Parties are meant to be memorable. At Boom, they're even more so - given we broadcast from our own homes and meet up so rarely.
For many of us, our get-together in London to mark our second annniversary belatedly was a welcome chance to renew old friendships. For others, it was a chance to shake hands for the very first time.
Spirits were high as we raised our glasses to you - our audience - and shared tales of our months on-air.
We don't wish to bore, but some listeners have asked to see our party snaps. We thought we'd share just a few - taken by Emilie Sandy, unless stated otherwise. Thanks, Emilie.
Above, see most of the team you hear on-air. (Rear L-R: Quentin Howard, Kid Jensen, Les Ross, Diana Luke, Jane Markham, Derek Webster, Roger Day, Dave Brown, Rob Jones, Mike Wyer, John Peters, David Lloyd, Paul Robey, Bill Bingham. Front L-R: Nicky Horne, David Hamilton, Graham Dene, Judi Spiers, Jenny Hanley, Nick Bailey).
Our team travelled from across the UK and beyond. Here, Judi Spiers (L) from Devon shares a smile with the great Jenny Hanley up from the South Coast.
There was a special speech, of course, from the legendary David Hamilton who arrived from Sussex.
With a wry smile and some blunt, honest words, he offered a view on about why he felt Boom had acquired its significant audience quite so quickly.
He also made us smile. David is broadcasting Royalty.
Few of us recalled quite how tall Derek Webster is (you guessed - second from right). Just to prove the point, here he is surrounded by his partner Lisa and the great Graham Dene, with David Lloyd (far left) and Paul Robey looking on.
Hmmm. DOWN five places to this week's Number Ten, points our Vintage Charts man John Peters, with Les Ross evidently a tad worried about the serious fall. Good job Rob Jones seems relaxed about things.
Bill Bingham (left) and Paul Robey go back some years. Both spent days at Nottingham's Radio Trent but it was at Saga Radio that they worked more closely together. Paul may now change his name by Deed Poll to Doctor Music, given his serious reponsibility for working with the presenters in carving out the music we play in every show.
Every Saturday afternoon at 4.00, Jenny Hanley on the South Coast hands over to John Peters in the Vale of Belvoir. Although they have roots in the same part of the World, our get-together was the first time they'd met.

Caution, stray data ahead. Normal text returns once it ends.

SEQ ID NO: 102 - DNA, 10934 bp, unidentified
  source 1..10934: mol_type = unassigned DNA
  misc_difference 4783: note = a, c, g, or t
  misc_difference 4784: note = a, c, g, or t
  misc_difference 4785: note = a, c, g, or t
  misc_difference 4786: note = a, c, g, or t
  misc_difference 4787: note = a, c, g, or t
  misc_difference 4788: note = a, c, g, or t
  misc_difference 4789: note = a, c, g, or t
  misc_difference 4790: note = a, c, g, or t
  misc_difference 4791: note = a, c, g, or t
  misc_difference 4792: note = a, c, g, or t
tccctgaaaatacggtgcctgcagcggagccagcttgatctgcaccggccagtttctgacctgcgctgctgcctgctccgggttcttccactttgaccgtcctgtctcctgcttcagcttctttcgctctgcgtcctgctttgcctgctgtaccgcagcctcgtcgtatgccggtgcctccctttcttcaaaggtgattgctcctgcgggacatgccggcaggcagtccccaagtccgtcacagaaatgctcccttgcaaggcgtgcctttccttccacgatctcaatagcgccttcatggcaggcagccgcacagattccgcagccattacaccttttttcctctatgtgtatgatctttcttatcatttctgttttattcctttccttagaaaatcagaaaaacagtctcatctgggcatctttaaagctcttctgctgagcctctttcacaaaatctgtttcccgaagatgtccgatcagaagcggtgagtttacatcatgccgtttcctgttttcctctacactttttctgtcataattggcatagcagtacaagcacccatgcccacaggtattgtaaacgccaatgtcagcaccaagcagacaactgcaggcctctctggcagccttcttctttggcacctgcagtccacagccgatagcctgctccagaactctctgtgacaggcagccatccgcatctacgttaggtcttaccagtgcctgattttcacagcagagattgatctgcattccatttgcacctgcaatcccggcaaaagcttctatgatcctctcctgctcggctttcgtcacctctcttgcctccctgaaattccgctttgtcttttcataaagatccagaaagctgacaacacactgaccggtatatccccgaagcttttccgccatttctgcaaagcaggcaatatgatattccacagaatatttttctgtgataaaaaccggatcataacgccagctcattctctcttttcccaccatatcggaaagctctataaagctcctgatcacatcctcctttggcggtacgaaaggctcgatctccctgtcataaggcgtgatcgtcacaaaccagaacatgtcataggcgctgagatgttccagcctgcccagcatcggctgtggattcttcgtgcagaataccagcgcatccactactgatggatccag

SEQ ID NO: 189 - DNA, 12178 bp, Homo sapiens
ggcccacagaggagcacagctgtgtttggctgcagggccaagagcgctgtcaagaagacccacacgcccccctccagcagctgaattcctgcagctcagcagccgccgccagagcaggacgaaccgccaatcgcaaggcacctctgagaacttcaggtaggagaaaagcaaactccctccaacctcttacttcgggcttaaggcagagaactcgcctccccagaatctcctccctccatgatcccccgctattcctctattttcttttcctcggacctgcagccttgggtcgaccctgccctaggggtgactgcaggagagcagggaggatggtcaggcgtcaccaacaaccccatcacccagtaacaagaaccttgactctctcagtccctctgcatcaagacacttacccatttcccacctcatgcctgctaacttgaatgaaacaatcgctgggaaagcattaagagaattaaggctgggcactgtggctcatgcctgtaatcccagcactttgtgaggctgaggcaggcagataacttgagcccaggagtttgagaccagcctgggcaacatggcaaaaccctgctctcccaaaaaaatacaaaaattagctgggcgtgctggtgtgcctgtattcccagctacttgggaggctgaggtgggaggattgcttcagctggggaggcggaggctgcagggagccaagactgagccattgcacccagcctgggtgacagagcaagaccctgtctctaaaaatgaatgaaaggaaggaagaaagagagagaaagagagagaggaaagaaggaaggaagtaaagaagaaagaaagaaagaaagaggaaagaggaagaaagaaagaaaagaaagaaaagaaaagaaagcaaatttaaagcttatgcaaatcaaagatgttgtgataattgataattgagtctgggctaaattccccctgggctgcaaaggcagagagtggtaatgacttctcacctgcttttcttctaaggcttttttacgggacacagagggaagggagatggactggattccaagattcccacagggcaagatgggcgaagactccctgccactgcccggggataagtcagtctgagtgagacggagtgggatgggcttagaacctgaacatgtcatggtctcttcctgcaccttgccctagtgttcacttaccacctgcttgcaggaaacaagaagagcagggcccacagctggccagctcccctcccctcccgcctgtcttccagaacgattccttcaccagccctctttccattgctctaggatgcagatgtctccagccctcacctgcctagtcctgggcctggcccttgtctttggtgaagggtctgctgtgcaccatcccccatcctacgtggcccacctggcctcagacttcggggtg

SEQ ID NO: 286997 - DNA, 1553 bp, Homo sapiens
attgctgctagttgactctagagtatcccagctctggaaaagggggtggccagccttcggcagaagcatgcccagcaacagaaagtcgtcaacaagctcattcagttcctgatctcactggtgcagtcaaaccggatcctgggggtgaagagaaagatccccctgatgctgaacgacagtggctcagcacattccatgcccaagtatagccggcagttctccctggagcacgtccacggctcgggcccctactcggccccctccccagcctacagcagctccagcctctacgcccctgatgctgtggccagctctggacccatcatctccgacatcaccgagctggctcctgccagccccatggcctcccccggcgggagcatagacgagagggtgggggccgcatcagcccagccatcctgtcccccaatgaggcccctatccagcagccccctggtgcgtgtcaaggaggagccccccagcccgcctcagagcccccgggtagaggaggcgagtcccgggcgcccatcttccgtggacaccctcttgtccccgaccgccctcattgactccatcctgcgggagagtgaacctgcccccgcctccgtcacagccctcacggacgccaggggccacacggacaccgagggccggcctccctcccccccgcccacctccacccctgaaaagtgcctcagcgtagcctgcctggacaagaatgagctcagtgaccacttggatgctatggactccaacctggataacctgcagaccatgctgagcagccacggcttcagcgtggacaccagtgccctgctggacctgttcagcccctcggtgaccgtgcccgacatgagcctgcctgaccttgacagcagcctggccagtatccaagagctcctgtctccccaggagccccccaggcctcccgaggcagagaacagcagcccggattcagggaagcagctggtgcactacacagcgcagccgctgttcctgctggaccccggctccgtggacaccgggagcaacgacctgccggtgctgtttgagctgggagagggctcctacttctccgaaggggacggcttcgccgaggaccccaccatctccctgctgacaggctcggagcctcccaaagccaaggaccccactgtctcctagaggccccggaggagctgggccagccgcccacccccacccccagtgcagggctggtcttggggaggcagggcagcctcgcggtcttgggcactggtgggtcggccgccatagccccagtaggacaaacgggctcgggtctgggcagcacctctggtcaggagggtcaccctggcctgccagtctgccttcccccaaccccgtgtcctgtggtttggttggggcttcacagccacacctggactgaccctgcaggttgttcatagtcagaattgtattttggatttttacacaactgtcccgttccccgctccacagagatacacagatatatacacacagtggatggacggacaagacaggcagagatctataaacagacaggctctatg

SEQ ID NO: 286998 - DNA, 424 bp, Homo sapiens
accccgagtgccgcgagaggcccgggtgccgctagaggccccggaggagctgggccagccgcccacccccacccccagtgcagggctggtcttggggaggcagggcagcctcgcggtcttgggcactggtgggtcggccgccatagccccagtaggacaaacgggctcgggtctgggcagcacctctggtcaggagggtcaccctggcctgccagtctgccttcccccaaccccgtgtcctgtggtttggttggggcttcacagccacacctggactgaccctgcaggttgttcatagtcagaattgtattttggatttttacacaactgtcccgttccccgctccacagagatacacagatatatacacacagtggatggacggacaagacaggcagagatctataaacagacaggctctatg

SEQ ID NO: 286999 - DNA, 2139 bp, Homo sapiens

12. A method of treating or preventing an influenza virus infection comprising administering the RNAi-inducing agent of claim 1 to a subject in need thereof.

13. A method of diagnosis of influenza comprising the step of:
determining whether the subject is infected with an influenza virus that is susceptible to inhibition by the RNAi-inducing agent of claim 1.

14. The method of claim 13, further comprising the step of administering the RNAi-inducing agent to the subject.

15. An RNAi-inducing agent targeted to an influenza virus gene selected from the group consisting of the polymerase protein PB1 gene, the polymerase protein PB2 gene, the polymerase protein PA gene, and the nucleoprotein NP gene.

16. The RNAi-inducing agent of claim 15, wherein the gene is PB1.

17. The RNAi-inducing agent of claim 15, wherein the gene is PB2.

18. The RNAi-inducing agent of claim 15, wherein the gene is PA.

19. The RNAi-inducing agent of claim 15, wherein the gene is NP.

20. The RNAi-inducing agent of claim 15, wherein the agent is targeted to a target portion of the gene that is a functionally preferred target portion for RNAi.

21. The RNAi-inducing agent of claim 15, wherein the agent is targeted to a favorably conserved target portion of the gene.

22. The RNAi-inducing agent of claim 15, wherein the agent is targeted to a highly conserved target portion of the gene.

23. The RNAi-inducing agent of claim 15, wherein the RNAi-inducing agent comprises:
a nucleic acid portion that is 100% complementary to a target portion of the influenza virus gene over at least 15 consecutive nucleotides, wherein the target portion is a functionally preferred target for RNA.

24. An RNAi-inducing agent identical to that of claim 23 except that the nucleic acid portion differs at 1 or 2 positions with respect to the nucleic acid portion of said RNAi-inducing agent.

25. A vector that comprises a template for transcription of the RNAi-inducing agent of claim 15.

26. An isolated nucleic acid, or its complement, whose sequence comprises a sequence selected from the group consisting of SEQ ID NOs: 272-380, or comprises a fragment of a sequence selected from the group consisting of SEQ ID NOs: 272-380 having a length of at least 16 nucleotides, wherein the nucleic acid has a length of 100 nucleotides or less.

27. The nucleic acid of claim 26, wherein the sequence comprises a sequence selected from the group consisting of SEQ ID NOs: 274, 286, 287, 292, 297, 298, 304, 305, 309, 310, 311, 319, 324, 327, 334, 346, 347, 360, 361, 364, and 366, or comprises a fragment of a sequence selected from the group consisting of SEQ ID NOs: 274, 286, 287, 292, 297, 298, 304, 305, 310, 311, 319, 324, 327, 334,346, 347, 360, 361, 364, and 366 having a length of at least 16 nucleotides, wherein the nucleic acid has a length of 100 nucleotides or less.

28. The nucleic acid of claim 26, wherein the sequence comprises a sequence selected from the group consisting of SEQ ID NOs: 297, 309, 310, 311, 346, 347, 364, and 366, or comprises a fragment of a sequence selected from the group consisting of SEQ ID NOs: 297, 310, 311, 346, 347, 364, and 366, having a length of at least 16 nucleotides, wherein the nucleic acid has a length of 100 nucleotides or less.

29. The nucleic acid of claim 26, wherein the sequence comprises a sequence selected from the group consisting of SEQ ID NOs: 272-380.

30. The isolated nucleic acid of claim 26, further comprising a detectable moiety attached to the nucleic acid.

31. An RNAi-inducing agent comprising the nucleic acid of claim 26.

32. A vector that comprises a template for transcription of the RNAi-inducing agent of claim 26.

"No, I'm fine", insists Diana Luke when offered more champagne, before she turned to chat to more people.
Diana has such a disarming knack of getting to know more about you in ten minutes than your partner does in ten years. Little wonder she's such good late-night company on Boom.
Of course, Dreena Hamilton was on hand to make sure husband David behaved himself. And for good measure, she kept an eye on Mike Wyer too. (Pic Sheryl Wyer).
Nicky Horne scores his wine a Perfect 10 and makes a point with conviction, whilst Bill Bingham is fascinated at the rear by causes unknown.
Hmmm. Food, at last, said Roger's eyes - as the canapes arrived, albeit Mike Wyer got there first. Roger didn't get those on-board the pirate ships. Mind you, we didnt eat them on-shore back in the '60s either.
One great thing about Boom is how many music artists get in touch. It never ceases to amaze us.
Mind you, we have to be careful about what we say, with not knowing quite who's listening. We know Cliff has been.
There's seems to be something about what we do - maybe the wide repertoire of music we play - that impresses.
So, how great it was that Mike Batt dropped in. What a pleasure to catch up with the writer of Bright Eyes, not to mention his Womble days, about which he will answer questions with admirable tolerance. Lovely guy.
Boom co-founders David Lloyd (daft jacket) and Phil Riley (sensible jacket) were enjoying the night. And why not. Boom was a crazy idea hatched in lockdown that's grown more quickly than they ever dreamed.